I’M HERE!! This will be my first blog post of many, as I try to cram everything that I have done in only a few hundred words. I will try to do it on a weekly basis, at least for my first few weeks in Bangkok. Once I am placed at my school, they may become more infrequent due to the monotony of my schedule.
So initially to fly over here, I was scheduled to fly Cincinnati-Chicago-Tokyo-Bangkok through United. I always have flown Delta, so I was a little apprehensive to go United and I had good reason to. When I arrived at the airport and went through security at 6 am Thursday morning, United emailed me stating that my flight out of Chicago was delayed six hours. This meant I would miss my connecting flight in Tokyo by four hours, naturally causing me to freak out. I resolved the situation by rescheduling my flight from Cincinnati to Dulles; however, this flight then became delayed almost two hours, causing me to sprint through Dulles to catch my flight to Tokyo with literally minutes to spare! Thirteen hours later, I arrived in Tokyo and immediately caught my six hour flight to Bangkok. 21 hours of travel time is no joke people!
My fellow ETA’s (English Teaching Assistants) and I arrived at our international dorm at Chulalongkorn University in Bangkok, which is reportedly the best university in Thailand. I’m sharing a tiny room with one of my fellow ETA’s, Polly, and thank Jesus we have AC in our room, because it sounds like very few of us will once we report to our schools in the countryside. The weather in Thailand is super consistent, with the high being 90 everyday with 100% humidity and chance of rain. And when it rains, it pours!
This week, we all started orientation, which is basically our introduction to Thai culture and teaching English as a second language. So far we have met with members of the Ministry of Education, the U.S. Embassy, English students and faculty of the university, as well as our predecessors, the current Fulbright ETA’s. Since I am teaching at a new school in the South (see my Author page for more information!), I do not have a predecessor and have unfortunately missed out on any information about living arrangements, the school, community, teaching, etc. That being said, other Fulbrighters have tried to fill in the gaps of knowledge with their experience and suggestions, which has helped enormously.
So now let’s talk about food. Because priorities. The food here is fantastic and dirt cheap. I do not believe I have spent more than 80 Baht on a meal, which is a little more than two dollars. Due to being a pescatarian, most of what I’m eating is noodles/rice, vegetables, shellfish, egg and fruit. I love this diet, but I do not think I’ve been eating as much as I should due to smaller portion sizes here and my workout schedule (yes, I’m still running, lifting, martial arts-ing and yoga-ing!). Here are some examples of what I have eaten so far:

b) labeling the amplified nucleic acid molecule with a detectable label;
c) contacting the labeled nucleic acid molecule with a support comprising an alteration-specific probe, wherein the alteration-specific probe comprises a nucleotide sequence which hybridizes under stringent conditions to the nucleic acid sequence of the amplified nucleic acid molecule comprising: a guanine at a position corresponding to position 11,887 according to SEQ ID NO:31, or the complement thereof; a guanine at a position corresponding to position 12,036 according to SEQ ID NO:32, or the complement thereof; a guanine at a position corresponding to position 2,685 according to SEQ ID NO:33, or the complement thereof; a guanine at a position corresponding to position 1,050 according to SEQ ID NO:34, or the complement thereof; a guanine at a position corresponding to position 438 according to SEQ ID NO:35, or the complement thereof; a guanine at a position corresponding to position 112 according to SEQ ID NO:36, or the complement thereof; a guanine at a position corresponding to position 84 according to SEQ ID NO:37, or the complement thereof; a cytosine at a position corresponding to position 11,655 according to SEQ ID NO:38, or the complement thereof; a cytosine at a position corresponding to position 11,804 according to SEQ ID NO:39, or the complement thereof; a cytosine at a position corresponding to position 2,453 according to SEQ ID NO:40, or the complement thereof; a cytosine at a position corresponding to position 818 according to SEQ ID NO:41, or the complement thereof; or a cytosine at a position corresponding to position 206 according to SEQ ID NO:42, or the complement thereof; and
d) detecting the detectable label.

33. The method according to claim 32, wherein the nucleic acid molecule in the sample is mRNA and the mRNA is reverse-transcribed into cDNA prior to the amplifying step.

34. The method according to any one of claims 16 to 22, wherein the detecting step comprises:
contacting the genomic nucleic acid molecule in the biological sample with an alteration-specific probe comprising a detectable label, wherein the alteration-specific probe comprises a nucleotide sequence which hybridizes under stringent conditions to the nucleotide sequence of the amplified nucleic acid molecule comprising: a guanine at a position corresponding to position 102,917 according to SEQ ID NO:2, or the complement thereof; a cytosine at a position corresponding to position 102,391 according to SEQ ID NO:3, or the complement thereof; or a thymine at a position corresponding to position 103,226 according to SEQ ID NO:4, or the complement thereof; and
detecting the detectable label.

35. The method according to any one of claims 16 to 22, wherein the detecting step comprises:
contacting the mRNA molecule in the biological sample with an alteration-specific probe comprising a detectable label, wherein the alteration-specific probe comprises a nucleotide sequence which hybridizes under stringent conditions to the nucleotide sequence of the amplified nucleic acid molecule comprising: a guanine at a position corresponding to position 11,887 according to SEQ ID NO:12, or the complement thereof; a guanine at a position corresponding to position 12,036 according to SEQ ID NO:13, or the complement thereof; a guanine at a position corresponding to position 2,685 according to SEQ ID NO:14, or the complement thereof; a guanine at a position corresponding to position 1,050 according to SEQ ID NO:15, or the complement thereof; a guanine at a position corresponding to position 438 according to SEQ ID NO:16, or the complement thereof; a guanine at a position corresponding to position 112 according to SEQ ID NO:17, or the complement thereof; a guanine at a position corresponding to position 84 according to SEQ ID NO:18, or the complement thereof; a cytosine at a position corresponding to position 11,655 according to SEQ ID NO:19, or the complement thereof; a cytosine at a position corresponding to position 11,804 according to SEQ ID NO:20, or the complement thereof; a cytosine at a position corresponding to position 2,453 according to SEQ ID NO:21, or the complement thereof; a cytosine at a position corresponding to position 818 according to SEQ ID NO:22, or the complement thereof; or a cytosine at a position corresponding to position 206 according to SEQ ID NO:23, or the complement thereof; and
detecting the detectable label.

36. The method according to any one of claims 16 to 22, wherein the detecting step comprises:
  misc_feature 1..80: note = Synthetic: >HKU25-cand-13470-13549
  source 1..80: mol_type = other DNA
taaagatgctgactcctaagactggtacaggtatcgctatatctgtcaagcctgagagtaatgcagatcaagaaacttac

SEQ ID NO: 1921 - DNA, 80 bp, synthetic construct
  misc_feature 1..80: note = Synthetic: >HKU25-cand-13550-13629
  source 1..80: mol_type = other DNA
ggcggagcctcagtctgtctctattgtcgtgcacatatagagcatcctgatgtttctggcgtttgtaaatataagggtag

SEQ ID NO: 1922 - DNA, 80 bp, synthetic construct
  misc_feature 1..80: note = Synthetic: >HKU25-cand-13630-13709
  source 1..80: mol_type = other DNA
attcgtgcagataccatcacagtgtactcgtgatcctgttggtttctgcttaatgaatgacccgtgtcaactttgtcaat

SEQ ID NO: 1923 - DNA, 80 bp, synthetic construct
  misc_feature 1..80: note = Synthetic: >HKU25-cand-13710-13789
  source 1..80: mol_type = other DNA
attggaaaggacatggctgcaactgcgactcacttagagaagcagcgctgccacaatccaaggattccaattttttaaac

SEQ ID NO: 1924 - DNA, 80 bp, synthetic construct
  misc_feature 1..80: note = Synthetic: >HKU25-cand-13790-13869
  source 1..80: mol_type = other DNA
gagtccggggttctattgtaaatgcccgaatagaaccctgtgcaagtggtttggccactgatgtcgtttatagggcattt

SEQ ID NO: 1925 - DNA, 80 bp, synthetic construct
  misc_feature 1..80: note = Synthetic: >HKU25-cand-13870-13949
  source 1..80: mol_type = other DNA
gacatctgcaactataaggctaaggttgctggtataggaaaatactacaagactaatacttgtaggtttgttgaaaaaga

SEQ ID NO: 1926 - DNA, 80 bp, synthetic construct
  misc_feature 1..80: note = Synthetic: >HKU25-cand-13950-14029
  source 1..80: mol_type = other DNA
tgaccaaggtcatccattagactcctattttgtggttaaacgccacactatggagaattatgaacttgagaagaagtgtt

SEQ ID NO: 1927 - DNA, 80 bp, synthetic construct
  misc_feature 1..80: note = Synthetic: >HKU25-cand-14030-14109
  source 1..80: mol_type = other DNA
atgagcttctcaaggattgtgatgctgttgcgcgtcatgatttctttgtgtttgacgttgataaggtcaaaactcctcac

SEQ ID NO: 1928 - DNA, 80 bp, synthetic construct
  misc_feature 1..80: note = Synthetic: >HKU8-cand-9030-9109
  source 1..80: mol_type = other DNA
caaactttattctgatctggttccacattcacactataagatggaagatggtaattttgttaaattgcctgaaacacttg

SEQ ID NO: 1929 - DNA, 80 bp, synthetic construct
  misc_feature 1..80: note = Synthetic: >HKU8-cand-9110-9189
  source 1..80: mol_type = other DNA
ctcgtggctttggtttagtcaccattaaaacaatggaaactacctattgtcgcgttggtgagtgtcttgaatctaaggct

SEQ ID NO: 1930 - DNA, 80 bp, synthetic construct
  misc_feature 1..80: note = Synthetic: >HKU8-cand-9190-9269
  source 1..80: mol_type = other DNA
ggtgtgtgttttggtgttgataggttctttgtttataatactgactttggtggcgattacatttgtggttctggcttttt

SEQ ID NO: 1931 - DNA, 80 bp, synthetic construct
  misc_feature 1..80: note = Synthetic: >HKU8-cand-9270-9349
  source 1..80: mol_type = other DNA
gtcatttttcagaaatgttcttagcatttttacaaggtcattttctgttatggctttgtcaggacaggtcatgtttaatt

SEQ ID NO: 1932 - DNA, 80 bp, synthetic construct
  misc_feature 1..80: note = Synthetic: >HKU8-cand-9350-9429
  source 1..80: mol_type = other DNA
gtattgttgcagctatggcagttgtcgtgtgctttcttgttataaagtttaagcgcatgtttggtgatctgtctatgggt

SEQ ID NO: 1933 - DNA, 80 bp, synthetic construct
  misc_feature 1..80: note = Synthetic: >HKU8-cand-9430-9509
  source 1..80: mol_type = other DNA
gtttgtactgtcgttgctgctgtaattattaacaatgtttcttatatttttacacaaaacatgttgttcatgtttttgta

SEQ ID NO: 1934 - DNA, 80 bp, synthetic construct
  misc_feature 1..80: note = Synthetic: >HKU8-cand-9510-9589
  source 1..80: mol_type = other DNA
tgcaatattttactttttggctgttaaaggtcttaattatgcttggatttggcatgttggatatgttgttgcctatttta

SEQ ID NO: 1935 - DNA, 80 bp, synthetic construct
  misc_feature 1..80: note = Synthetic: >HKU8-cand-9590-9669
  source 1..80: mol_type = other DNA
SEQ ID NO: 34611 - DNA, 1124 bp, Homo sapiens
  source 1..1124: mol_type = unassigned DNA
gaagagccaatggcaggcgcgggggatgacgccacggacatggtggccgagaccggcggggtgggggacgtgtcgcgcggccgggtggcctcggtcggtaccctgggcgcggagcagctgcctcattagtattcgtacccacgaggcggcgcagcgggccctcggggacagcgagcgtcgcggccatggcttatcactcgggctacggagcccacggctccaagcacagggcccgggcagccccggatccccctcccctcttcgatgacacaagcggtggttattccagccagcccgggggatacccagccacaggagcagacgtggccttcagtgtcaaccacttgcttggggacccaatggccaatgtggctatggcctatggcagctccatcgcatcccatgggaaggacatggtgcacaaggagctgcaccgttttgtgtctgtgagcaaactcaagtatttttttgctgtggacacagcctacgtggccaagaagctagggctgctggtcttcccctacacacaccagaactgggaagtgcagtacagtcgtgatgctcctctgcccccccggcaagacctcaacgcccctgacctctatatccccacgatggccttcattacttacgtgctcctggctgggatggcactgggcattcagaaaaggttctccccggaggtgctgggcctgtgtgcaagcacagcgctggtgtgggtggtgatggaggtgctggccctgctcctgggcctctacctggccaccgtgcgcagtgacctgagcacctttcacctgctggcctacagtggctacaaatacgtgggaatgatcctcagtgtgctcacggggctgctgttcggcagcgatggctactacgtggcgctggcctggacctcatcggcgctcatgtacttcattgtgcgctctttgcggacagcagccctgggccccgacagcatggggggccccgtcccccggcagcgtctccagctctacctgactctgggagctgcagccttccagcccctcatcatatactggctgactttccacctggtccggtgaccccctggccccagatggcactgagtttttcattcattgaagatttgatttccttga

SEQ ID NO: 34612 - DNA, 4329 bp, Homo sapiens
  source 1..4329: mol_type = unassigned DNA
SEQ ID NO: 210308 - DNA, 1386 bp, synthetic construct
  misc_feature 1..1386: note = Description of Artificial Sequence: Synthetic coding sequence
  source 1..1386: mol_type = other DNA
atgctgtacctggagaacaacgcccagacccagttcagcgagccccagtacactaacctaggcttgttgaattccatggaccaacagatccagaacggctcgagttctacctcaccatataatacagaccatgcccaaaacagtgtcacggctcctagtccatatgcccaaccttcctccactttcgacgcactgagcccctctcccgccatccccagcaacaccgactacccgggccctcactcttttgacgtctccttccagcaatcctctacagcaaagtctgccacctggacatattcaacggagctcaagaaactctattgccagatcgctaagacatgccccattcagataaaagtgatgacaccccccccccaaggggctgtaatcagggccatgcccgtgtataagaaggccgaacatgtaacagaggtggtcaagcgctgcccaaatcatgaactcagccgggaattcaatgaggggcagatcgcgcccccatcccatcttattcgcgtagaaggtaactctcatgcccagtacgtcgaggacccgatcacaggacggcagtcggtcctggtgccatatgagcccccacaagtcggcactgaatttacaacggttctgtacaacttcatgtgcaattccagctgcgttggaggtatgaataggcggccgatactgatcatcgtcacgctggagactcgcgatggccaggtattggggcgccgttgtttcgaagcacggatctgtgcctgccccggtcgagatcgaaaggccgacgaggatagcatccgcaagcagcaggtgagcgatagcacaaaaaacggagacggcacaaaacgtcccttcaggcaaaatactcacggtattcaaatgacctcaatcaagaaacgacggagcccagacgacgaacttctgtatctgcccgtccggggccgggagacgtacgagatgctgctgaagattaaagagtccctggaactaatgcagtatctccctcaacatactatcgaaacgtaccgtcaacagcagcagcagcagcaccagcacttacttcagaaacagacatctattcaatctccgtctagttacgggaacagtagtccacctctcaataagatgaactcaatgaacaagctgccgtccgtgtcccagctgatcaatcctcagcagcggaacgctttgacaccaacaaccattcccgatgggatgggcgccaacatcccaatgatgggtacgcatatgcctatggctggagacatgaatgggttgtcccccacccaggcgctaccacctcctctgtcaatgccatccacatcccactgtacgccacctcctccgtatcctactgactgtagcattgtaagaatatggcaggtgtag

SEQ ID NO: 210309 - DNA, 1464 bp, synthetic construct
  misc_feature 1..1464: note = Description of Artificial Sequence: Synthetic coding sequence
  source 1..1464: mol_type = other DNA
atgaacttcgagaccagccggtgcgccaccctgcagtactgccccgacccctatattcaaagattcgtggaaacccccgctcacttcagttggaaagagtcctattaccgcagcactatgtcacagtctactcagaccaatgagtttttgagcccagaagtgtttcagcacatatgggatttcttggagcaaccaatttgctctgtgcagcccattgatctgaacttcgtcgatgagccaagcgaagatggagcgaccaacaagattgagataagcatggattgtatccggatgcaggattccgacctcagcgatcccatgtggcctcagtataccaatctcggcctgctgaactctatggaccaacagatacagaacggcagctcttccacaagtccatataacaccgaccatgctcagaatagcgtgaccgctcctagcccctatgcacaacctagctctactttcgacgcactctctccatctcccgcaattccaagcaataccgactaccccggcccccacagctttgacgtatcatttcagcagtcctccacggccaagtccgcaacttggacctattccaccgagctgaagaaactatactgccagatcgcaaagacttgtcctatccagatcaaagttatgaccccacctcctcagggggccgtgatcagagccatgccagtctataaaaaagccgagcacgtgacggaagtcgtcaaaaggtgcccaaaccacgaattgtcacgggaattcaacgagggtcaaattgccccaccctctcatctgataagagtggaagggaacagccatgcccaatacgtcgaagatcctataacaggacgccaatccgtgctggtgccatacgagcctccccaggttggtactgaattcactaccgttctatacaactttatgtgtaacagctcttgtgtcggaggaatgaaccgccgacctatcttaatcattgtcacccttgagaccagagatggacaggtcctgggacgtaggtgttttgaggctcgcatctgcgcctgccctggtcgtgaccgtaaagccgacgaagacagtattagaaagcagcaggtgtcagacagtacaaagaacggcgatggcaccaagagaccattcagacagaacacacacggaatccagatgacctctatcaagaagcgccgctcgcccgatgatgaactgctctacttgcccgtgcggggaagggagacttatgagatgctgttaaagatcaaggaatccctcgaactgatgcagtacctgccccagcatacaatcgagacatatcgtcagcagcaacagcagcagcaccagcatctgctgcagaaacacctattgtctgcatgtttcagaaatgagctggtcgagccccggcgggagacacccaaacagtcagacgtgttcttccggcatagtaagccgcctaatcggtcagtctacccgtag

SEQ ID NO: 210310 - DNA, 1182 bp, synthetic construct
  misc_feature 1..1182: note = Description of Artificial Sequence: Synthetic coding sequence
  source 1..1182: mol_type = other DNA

Also the fruit smoothies here are fantastic! I had my first one last Sunday after coming back from a demanding hot yoga class (because, let’s be honest, any yoga you do in Thailand is going to be hot!). We went to an open market with a small smoothie stand and I got a peach, mango, and pineapple smoothie. All they put in it was the frozen fresh fruit and water, but I think it was the best smoothie I have ever had!
Since it’s been a little over a week in Thailand and the jetlag has finally worn of, we decided to do a lot of exploring and sightseeing thing weekend. On Saturday, we went to the Grand Palace and Wat Pho. The Grand Palace was built in 1782 and was used by the king, his court, and the royal government until the early 1900’s. It’s more of a tourist attraction now, but it is still used for official state events and ceremonies. Wat Pho is a famous Buddhist where the giant Reclining Buddha resides. It is huge! The architecture for both of these places is very similar, but either way, they are both amazing and definitely worth seeing! Here are some pictures below:
Finally, today, we went to a Husky Café. Yes, you read that correctly. You literally come to the café and pay 350 Baht, get a free coffee and cake of choice, and then get to play with huskies for an hour. This might have been the best part of Bangkok so far. If you can’t tell by the pictures I absolutely loved it and made some new friends :)
We also went to the JJ Market, which is the biggest outdoor market in Southeast Asia (or so I’ve been told). They have clothing, food, animals, honestly anything you can think of. I will definitely come back for clothes and souvenir shopping, but not to the animal part. Most of the animals were exotic and cooped up in small cages, so there was definitely some illegal trading going on there and I’m not a fan of that at all. Nonetheless, my first week in Bangkok has been quite an adventure! I will keep you all updated on the next week or so!